Wednesday, March 21, 2012

Fly on the Wall by E. Lockhart

Title: Fly on the Wall
Author: E. Lockhart
Publisher: Random House/Delacorte Press
Release Date: March 14, 2006
Pages: 182 pages (hardcover)
How I Got the Book: Bought it.

At the Manhattan School for Art and Music, where everyone is “different” and everyone is “special,” Gretchen Yee feels ordinary. She’s the kind of girl who sits alone at lunch, drawing pictures of Spider-Man, so she won’t have to talk to anyone; who has a crush on Titus but won’t do anything about it; who has no one to hang out with when her best (and only real) friend Katya is busy.

One day, Gretchen wishes that she could be a fly on the wall in the boys’ locker room–just to learn more about guys. What are they really like? What do they really talk about? Are they really cretins most of the time?

Fly on the Wall is the story of how that wish comes true.


E. Lockhart is probably one of my all-time favorite authors. Her Ruby Oliver series was short and sweet and The Disreputable History of Frankie Landau-Banks? Don't get me started. I fangirl that book like I get paid to do it. I only wish I got paid for all the fannish squeeing I do over fantastic books. I expected Fly on the Wall might not be as good as the above-listed books, but it's still fantastic.

Like Lockhart's other heroines, Gretchen Yee has her problems and is hardly the kindest girl around. She has a lot of internal anger, only one real friend who doesn't feel comfortable enough to share some things with Gretchen, and no idea how to fit in at her school. Her struggles with feeling abandoned by the people around her and unable to understand other people (especially boys) is something I remember feeling when I was younger and I could relate to her through that.

Fly on the Wall draws heavily on Franz Kafka's The Metamorphosis both in-story and in the idea of someone suddenly turning into vermin. I had to suffer through Kafka's novel when I was sixteen, but reading The Metamorphosis gives me a richer understanding of Fly on the Wall. Why Gretchen turns into a fly is never explained and requires a good suspension of disbelief, but it's really just a vehicle for all the other changes she goes through. She can feel lust and not be ashamed of it! Guys can be just as insecure about their bodies as girls! All she needs to do to understand other people is break down the walls she put up and look at them!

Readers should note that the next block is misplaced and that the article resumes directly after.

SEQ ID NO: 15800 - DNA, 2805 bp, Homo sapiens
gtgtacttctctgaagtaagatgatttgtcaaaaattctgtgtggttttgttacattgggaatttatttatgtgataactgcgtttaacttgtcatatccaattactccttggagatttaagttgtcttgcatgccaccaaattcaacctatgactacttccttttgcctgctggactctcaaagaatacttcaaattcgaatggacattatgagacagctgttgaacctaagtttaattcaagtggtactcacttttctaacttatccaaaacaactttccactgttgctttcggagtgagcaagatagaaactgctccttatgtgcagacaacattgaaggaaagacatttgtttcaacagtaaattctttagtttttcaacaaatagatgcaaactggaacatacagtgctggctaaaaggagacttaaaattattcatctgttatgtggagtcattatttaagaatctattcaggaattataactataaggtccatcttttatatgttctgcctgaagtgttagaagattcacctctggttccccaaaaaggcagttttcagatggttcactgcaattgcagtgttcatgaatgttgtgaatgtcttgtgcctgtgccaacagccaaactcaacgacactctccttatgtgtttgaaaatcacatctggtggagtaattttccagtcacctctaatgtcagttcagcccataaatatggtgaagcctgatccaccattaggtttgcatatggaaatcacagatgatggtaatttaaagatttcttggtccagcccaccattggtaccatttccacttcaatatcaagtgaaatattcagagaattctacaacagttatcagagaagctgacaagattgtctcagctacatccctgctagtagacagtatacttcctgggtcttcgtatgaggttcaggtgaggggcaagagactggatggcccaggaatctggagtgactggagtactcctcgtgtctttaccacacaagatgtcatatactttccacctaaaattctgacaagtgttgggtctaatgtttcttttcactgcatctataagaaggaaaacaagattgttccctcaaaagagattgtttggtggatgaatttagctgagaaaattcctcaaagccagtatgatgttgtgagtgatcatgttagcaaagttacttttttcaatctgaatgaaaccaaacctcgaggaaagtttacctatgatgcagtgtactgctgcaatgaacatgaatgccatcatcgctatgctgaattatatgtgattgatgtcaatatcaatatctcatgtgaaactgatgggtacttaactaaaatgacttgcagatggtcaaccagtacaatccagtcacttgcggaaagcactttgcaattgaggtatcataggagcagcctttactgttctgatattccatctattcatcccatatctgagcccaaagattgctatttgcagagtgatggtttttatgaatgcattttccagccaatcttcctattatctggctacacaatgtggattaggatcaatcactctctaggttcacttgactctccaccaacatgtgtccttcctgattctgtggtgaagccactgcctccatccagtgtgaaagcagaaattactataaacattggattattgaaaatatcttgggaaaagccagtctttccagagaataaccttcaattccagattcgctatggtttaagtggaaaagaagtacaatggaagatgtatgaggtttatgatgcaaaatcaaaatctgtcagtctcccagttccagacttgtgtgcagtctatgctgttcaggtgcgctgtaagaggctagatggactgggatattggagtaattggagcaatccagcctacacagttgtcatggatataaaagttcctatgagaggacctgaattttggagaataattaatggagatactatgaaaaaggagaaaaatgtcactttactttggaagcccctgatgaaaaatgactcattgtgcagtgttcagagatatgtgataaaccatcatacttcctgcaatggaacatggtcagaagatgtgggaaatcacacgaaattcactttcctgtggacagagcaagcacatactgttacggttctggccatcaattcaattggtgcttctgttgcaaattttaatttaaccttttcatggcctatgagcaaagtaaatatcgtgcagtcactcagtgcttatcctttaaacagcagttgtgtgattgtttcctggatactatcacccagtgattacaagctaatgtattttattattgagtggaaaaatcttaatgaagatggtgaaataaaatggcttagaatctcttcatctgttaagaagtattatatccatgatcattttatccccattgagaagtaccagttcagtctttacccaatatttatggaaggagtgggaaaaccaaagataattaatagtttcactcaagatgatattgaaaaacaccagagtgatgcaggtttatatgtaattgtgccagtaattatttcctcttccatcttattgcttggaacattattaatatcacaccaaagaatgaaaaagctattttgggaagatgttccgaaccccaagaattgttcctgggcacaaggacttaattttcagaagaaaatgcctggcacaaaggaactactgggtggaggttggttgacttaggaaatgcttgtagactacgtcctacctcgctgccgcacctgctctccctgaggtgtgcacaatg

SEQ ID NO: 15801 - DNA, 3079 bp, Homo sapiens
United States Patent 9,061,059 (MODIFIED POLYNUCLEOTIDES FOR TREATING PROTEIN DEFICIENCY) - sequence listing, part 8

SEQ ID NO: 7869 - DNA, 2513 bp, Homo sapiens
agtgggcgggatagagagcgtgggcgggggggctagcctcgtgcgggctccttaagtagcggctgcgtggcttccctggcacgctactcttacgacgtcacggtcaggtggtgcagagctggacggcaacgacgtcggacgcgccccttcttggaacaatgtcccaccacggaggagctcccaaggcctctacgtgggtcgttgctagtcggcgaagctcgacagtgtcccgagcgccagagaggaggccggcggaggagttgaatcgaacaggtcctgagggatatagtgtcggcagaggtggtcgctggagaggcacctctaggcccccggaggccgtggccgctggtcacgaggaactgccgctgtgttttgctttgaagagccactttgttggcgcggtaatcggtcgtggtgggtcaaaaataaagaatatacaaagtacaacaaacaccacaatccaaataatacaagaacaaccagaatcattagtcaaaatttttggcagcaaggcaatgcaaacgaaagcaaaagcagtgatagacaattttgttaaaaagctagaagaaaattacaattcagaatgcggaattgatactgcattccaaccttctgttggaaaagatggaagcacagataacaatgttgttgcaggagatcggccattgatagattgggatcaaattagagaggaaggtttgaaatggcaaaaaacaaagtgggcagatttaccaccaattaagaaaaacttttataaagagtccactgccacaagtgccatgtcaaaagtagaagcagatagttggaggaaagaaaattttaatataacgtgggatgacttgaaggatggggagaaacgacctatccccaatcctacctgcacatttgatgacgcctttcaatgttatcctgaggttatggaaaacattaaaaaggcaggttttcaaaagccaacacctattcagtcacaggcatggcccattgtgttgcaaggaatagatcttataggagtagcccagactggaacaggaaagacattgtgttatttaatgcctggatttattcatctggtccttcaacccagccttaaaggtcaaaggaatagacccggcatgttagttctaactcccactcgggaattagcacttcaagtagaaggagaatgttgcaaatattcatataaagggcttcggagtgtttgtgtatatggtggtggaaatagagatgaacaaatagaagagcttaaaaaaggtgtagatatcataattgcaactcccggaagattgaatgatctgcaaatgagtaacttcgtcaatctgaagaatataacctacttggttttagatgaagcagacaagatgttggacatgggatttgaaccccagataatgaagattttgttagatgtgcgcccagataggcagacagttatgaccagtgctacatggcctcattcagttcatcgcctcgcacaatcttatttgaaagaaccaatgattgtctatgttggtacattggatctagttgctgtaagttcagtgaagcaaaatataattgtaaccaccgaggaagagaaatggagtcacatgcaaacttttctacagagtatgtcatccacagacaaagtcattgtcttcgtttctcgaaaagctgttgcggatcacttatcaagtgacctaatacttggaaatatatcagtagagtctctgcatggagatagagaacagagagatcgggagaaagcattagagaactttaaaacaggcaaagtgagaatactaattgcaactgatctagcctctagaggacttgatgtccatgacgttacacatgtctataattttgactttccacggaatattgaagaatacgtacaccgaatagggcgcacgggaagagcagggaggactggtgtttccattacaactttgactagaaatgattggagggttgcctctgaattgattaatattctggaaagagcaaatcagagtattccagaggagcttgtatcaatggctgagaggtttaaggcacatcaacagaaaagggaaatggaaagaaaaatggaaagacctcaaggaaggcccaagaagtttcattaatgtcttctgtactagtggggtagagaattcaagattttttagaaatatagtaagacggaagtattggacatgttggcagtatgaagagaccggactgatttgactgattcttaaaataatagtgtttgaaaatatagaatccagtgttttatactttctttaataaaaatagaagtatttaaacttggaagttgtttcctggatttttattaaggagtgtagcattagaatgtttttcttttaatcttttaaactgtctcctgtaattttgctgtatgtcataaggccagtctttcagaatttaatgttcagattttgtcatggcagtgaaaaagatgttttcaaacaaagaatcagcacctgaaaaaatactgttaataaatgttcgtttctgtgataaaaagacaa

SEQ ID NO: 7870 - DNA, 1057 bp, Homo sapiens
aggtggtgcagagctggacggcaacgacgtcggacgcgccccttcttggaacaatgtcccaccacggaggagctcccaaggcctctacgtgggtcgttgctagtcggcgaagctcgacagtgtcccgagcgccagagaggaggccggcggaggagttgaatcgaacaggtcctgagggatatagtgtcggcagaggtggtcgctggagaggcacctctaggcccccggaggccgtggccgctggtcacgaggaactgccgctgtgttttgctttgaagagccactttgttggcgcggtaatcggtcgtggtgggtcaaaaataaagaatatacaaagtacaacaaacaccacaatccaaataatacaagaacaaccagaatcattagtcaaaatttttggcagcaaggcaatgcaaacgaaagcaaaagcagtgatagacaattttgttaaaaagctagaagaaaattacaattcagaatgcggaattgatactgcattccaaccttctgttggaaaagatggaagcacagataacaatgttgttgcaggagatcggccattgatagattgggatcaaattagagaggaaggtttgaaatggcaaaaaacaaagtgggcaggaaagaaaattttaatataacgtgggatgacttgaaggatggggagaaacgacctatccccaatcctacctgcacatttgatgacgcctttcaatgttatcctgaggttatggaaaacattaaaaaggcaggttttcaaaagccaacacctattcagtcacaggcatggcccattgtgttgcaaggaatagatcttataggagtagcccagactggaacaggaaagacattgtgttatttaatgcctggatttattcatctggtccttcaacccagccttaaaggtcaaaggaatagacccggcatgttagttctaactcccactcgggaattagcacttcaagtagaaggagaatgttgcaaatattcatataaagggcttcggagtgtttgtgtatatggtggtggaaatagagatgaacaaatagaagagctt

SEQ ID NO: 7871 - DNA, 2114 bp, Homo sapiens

Titus's eventual confrontation with Adrian due to his homophobic language was exactly what I'd been waiting for after the first time I heard Adrian call something gay just because he didn't like it. The book understands that yes, using the word that way does mean something and it can be pretty offensive no matter its intent. I can't remember the slang being quite so prevalent in 2006 (then again, I was twelve then and I don't exactly have a stellar memory of anything from back then), but this would be especially relevant now that I can't so much as walk down a school hallway without hearing a person call something gay because they think it's stupid.

How easily Adrian promised to change his ways struck me as somewhat unrealistic, though. My brother uses the same language and I've used a similar approach as the one Titus used, but my brother saw no problem with what he was doing. Other people who use gay as an insult have responded the same was as my brother when confronted  Maybe I'm doing something wrong or all the people I've confronted are too firm in their dickery?

Still, something about how the book was written threw me off and made a whole-hearted enjoyment of the novel impossible. Whether it was the formatting of the second part of the novel (which lasts about ninety pages and had small, bold print, leading to a massive eyeache), the rough mix of stream-of-consciousness writing (yet another callback to The Metamorphosis and a more normal narration style, or a both, Gretchen's written voice didn't mesh with me at all.

Having a refresher course on why I love Lockhart's novels puts me exactly where I was when I finished reading Real Live Boyfriends in January 2011: in a state of anticipation for her next YA novel. I never get tired of her way with words, deep understanding of how words can affect people, and fantastically flawed and lovable heroines.

4 stars!

What am I reading next?: Masque of the Red Death by Bethany Griffin